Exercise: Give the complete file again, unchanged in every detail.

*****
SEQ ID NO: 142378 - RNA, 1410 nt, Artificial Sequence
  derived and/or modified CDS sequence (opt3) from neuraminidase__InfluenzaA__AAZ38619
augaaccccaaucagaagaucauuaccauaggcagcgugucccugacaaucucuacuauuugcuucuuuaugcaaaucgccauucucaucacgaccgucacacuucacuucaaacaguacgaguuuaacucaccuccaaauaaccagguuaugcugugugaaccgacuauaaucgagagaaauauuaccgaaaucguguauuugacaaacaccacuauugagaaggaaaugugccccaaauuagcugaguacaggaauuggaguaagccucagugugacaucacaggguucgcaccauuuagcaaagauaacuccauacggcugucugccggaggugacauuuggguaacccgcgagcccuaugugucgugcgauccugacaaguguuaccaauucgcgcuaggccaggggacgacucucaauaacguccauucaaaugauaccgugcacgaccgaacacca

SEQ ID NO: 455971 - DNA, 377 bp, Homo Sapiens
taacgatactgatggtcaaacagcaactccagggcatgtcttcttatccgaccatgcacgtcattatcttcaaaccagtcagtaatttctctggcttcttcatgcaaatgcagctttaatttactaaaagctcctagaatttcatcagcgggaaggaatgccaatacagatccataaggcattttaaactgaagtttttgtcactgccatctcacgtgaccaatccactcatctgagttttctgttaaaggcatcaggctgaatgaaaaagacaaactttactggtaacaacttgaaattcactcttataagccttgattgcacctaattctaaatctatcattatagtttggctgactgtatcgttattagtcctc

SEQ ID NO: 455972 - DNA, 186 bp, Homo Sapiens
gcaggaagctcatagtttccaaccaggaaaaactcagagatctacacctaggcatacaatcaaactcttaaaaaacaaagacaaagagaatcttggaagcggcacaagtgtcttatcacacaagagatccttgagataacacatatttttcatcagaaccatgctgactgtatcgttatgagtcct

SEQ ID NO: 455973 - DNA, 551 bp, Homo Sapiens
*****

SEQ ID NO: 142378 - RNA, 1410 nt, Artificial Sequence
  derived and/or modified CDS sequence (opt3) from neuraminidase__InfluenzaA__AAZ38619
augaaccccaaucagaagaucauuaccauaggcagcgugucccugacaaucucuacuauuugcuucuuuaugcaaaucgccauucucaucacgaccgucacacuucacuucaaacaguacgaguuuaacucaccuccaaauaaccagguuaugcugugugaaccgacuauaaucgagagaaauauuaccgaaaucguguauuugacaaacaccacuauugagaaggaaaugugccccaaauuagcugaguacaggaauuggaguaagccucagugugacaucacaggguucgcaccauuuagcaaagauaacuccauacggcugucugccggaggugacauuuggguaacccgcgagcccuaugugucgugcgauccugacaaguguuaccaauucgcgcuaggccaggggacgacucucaauaacguccauucaaaugauaccgugcacgaccgaacacca

SEQ ID NO: 455971 - DNA, 377 bp, Homo Sapiens
taacgatactgatggtcaaacagcaactccagggcatgtcttcttatccgaccatgcacgtcattatcttcaaaccagtcagtaatttctctggcttcttcatgcaaatgcagctttaatttactaaaagctcctagaatttcatcagcgggaaggaatgccaatacagatccataaggcattttaaactgaagtttttgtcactgccatctcacgtgaccaatccactcatctgagttttctgttaaaggcatcaggctgaatgaaaaagacaaactttactggtaacaacttgaaattcactcttataagccttgattgcacctaattctaaatctatcattatagtttggctgactgtatcgttattagtcctc

SEQ ID NO: 455972 - DNA, 186 bp, Homo Sapiens
gcaggaagctcatagtttccaaccaggaaaaactcagagatctacacctaggcatacaatcaaactcttaaaaaacaaagacaaagagaatcttggaagcggcacaagtgtcttatcacacaagagatccttgagataacacatatttttcatcagaaccatgctgactgtatcgttatgagtcct

SEQ ID NO: 455973 - DNA, 551 bp, Homo Sapiens